Dosing CDK 4/6 Inhibitors


Rachel Layman, MD, summarizes how to dose CDK4/6 inhibitors in different clinical settings.


Stephanie Graff, MD, FACP: Do you want to talk us through the dosing of abemaciclib vs ribociclib because of course, in a few seconds here, we’re going to switch gears and we’re going to talk and maybe even highlight the differences in metastatic vs adjuvant? I had a few conversations at the ASCO [American Society of Clinical Oncology] Annual Meeting about how we’re going to work in our care teams in the clinic to make sure that we’re not having any sort of drug delivery or dosing errors as we have now these different starting doses in different settings.

Rachel Layman, MD: That’s a great point. The abemaciclib dosing in monarchE [NCT03155997] is really the same as the metastatic setting and actually, it’s the simplest of all the CDK4/6 inhibitors regarding the schedule. You take the medicine twice per day continuously so patients don’t have to keep track of their days on and off of therapy and in that way, it’s simpler. It starts at 200 mg as the first dose and then you can decrease it to 150 mg.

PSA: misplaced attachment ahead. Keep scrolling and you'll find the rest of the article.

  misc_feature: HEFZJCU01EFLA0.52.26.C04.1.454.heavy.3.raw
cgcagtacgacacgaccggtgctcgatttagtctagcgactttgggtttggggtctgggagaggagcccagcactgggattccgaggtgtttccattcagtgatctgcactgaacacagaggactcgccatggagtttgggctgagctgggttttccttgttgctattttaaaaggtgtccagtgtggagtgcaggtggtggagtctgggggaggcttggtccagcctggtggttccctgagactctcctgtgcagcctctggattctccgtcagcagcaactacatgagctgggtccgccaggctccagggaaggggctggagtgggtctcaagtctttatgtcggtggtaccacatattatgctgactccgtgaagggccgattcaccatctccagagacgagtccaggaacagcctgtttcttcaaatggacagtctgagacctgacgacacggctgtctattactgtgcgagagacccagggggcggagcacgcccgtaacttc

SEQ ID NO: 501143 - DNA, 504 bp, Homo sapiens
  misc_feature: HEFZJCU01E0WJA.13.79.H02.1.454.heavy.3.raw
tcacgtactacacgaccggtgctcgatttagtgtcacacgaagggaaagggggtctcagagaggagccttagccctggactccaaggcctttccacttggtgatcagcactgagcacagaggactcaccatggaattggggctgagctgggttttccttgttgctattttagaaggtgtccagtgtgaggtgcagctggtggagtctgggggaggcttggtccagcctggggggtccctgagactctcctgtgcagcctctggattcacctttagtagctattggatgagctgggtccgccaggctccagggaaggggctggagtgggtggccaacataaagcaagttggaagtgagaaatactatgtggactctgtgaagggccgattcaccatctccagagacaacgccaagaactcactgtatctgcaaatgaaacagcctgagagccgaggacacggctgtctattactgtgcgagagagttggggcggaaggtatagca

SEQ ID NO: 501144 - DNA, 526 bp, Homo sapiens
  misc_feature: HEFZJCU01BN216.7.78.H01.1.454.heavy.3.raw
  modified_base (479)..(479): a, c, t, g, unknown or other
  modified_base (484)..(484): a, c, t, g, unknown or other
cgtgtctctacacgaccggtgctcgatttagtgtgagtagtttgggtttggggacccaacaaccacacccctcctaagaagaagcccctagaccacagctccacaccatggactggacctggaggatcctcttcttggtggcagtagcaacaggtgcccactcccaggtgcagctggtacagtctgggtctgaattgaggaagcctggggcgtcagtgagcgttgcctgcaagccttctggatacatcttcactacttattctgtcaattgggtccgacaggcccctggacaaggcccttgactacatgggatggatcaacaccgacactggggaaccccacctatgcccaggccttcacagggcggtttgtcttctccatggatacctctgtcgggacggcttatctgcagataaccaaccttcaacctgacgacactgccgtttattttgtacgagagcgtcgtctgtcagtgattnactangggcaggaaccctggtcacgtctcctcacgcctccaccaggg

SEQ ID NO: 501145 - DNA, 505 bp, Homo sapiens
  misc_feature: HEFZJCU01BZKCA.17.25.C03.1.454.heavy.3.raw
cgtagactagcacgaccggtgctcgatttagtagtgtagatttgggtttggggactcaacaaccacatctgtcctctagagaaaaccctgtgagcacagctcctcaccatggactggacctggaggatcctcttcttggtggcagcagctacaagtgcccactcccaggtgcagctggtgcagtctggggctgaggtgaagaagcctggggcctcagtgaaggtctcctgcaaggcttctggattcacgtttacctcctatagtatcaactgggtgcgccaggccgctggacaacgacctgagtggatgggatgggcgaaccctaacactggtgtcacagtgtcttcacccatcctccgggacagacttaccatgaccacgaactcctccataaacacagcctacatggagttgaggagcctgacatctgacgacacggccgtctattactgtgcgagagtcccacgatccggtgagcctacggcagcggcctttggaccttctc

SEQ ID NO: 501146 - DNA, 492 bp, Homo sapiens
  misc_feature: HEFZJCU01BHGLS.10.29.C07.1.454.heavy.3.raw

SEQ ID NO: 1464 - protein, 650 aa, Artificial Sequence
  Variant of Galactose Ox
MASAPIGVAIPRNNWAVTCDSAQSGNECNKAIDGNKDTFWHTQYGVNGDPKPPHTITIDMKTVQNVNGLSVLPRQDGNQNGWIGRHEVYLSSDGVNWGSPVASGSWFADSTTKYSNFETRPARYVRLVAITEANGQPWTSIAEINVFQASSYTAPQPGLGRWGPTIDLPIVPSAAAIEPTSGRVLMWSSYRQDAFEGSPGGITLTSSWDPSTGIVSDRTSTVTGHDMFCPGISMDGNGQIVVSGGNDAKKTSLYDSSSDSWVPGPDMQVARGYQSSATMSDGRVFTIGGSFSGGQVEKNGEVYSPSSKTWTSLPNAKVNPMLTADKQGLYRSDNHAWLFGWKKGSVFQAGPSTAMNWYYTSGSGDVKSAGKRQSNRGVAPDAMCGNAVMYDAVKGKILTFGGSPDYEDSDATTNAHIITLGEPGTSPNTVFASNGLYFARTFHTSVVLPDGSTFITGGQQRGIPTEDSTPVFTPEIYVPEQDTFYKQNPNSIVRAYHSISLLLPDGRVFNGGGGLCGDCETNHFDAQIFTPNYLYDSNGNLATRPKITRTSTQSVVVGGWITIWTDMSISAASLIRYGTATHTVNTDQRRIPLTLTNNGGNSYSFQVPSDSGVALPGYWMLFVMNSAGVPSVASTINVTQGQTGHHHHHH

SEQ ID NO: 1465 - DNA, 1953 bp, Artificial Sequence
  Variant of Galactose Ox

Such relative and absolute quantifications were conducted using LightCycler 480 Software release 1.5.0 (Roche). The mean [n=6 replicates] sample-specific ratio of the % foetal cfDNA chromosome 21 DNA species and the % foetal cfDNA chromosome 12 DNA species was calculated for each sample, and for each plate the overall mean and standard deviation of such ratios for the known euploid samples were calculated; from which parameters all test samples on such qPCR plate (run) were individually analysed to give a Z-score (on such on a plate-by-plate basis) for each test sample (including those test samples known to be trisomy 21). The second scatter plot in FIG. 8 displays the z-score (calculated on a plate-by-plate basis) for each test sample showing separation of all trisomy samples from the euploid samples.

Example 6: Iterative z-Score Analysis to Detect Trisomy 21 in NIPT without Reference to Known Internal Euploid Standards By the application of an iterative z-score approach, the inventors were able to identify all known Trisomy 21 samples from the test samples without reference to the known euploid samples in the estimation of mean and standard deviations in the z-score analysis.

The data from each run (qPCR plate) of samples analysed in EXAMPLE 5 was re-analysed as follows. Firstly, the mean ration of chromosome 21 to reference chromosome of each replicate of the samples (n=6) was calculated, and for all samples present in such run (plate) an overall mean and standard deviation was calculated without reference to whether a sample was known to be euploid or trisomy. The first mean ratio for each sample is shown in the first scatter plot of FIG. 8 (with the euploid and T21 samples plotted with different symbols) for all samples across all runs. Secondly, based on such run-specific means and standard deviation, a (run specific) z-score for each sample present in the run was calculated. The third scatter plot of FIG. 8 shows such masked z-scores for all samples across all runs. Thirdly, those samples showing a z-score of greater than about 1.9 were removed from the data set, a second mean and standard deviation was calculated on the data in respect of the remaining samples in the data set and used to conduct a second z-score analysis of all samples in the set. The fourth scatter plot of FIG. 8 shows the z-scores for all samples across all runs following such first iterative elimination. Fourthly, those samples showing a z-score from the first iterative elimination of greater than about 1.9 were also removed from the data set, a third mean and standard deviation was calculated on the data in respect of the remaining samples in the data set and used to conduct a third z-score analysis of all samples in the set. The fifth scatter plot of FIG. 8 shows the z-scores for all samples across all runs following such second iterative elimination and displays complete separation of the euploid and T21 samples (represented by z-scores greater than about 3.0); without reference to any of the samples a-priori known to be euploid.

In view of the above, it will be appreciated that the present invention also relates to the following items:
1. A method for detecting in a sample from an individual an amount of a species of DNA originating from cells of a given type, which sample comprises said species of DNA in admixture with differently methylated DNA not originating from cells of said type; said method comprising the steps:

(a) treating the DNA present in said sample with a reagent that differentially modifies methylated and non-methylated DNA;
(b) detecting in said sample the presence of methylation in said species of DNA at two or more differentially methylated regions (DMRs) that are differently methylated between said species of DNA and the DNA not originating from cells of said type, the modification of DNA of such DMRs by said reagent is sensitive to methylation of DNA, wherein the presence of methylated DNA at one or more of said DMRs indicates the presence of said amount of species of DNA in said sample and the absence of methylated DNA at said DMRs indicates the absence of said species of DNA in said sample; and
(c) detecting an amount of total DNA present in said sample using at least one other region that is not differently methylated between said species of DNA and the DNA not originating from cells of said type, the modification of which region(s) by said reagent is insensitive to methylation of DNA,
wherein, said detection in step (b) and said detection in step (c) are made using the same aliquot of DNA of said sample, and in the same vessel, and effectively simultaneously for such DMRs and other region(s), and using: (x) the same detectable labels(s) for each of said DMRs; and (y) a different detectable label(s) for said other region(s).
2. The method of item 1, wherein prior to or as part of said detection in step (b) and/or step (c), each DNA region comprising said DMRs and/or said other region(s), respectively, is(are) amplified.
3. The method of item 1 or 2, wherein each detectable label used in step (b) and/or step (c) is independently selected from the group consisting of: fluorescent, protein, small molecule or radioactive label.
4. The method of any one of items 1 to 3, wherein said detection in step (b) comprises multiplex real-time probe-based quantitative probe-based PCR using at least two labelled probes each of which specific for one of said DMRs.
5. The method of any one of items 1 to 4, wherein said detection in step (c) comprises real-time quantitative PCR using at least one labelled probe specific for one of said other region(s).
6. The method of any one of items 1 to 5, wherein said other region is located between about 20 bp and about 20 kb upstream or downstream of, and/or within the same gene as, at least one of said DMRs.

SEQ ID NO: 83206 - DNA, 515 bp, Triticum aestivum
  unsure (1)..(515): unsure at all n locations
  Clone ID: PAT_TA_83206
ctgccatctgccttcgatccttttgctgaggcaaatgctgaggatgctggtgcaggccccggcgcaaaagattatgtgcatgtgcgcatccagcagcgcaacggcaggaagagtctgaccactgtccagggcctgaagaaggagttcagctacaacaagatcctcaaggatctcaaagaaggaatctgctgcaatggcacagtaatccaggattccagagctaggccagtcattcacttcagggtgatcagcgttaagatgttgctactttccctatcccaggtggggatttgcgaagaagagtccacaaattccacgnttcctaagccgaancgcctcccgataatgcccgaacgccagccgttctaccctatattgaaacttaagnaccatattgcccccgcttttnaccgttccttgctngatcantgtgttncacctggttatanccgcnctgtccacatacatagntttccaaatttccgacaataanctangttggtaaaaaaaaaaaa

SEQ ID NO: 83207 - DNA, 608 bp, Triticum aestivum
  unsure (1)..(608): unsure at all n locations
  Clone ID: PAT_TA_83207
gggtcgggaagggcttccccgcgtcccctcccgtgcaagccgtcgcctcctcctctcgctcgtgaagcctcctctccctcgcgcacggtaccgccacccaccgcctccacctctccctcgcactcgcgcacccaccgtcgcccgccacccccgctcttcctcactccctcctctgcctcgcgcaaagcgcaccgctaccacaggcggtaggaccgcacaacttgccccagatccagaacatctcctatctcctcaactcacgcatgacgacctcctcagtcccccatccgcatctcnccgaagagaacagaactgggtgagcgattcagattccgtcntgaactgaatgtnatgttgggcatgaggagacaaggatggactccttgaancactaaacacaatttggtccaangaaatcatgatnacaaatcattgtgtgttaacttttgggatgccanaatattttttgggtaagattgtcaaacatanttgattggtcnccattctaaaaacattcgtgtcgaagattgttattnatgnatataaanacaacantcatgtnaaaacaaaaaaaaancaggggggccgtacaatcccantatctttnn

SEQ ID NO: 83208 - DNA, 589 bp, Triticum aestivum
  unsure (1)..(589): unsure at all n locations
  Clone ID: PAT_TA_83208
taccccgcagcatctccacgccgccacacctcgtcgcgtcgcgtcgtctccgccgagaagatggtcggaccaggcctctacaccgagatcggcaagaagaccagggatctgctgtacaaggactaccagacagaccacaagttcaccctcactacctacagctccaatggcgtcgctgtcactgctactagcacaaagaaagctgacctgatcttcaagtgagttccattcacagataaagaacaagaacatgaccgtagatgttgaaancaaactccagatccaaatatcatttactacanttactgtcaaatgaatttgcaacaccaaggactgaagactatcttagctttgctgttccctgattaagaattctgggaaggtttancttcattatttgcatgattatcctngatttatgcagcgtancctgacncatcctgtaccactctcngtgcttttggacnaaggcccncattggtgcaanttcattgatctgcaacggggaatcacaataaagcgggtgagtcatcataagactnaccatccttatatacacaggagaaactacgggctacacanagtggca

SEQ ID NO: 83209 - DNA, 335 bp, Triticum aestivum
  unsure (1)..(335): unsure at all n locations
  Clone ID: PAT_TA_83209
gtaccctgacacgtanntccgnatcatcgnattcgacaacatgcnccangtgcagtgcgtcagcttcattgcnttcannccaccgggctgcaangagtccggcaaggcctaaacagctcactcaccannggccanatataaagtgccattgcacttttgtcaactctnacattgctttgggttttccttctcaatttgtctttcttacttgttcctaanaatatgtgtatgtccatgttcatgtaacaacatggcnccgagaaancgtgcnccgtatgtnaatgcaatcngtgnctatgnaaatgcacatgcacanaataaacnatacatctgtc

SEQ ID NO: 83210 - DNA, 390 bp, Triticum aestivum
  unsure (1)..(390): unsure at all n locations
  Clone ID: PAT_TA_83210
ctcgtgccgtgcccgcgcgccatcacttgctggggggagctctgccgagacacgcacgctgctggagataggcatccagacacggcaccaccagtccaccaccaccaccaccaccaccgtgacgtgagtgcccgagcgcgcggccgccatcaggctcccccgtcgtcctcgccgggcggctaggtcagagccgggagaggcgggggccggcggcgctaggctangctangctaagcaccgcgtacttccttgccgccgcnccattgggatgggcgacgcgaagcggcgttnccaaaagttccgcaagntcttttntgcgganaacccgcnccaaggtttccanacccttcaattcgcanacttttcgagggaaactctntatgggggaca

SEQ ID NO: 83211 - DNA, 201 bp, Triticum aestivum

Stephanie Graff, MD, FACP: And then with ribociclib?

Rachel Layman, MD: With ribociclib in the metastatic setting, the dose is 600 mg once a day. This drug is given 3 weeks on and 1 week off of every 4-week cycle. So you do have to keep track of the schedule a little bit there. But in the adjuvant setting for their phase 3 trial, they actually used the middle dose, so they went down one dose level to 400 mg.

Stephanie Graff, MD, FACP: Perfect. And then, of course, the next lowest dose down from that is 200 mg, so there’s still room to dose modify. And although we don’t have in the adjuvant setting, evidence that dose modification of ribociclib leads to similar efficacy, we have that data for ribociclib in the metastatic setting that dose modification leads to similar efficacy. So hopefully, we see a longer-term follow-up on NATALEE [NCT03701334] and see similar data for patients having adverse events that we’ll see a continued benefit to dose modification.

Transcript edited for clarity.

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